Entrepreneurial conflation in American business dynasties




Israelsen, Trevor

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This dissertation explores how collective action becomes conflated with heroic individuals. My thesis is that the individual entrepreneur is the product, rather than the agent, of successful acts of entrepreneurship. That is, “the entrepreneur” of American business mythology is the product of successful acts of entrepreneurial conflation in which the narrow economic project becomes embedded in a broader societal project that involves multiple individuals, unfolds across generations and embraces overlapping domains such as culture, religion, politics, philanthropy and history. I introduce entrepreneurial conflation as a transformative social practice of collapsing, blurring or amalgamating underlying distinctions used in the conceptual architecture of prevailing institutions. I elaborate conflation as a theoretical construct through an empirical examination of the legacies of prominent entrepreneurs and their families in American business history. My core argument is that the skillful use of conflation is the key mechanism through which entrepreneurial families subvert the conceptual architecture of prevailing modern institutions to achieve legitimacy as business dynasties in American society. By introducing the construct of conflation, I identify how a loose constellation of practices that we intuitively associate with entrepreneurial success are composed by an underlying social process. By applying my conceptualization of entrepreneurial conflation to the phenomenon of successful entrepreneurial families, I demonstrate how business dynasties—which are typically seen as anachronistic and irrelevant in modern, western societies—have enduring relevance for good and bad in business and society of the twenty first century. And by situating empirical research on entrepreneurial conflation at the intersection of grounded theory and historical methodologies, I illustrate how patterns in the analysis of historical evidence and narratives can be used to develop theory in management and organization studies.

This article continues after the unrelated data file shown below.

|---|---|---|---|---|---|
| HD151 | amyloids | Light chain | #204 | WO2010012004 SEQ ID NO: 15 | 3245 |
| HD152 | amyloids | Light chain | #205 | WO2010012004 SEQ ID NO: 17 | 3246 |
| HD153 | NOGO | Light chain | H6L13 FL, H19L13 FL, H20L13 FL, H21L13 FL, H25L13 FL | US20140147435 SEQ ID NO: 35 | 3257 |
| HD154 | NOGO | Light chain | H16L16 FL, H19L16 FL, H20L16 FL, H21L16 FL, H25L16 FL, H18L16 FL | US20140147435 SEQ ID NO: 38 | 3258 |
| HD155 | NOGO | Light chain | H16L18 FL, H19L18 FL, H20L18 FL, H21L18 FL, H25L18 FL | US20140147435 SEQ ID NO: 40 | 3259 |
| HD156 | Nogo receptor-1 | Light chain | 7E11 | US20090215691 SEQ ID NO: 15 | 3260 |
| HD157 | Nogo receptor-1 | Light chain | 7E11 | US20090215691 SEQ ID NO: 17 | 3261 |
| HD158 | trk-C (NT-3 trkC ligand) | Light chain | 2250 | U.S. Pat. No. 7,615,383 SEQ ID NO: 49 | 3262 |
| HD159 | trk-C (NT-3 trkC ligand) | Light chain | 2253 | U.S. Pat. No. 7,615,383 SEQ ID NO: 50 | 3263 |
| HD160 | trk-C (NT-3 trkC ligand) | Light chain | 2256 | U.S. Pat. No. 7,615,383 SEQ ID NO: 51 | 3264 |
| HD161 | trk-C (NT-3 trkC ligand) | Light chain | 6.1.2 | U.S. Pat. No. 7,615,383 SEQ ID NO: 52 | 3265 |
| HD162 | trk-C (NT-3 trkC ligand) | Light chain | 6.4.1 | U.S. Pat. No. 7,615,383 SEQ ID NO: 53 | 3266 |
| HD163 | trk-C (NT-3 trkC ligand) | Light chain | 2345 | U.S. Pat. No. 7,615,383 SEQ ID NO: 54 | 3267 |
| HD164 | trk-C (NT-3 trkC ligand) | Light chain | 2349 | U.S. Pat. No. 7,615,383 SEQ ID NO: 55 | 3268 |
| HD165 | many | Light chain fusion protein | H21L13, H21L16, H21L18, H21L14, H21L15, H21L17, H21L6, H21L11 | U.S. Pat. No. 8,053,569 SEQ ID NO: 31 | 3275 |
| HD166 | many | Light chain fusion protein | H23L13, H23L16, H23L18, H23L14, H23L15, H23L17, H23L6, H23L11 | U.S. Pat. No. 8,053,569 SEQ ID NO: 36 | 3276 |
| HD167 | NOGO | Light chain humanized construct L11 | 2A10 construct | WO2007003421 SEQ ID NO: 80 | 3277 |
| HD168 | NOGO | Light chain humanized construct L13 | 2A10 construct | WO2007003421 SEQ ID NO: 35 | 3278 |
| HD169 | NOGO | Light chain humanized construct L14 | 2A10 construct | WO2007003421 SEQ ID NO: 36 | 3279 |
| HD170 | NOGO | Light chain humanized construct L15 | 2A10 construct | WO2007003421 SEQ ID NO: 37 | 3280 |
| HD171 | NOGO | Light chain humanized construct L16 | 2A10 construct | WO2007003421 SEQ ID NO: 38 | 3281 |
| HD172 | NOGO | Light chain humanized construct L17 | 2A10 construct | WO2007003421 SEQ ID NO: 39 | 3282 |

Conflation, Entrepreneurship, Business dynasty, Institutions, Organization theory, Business history, Narrative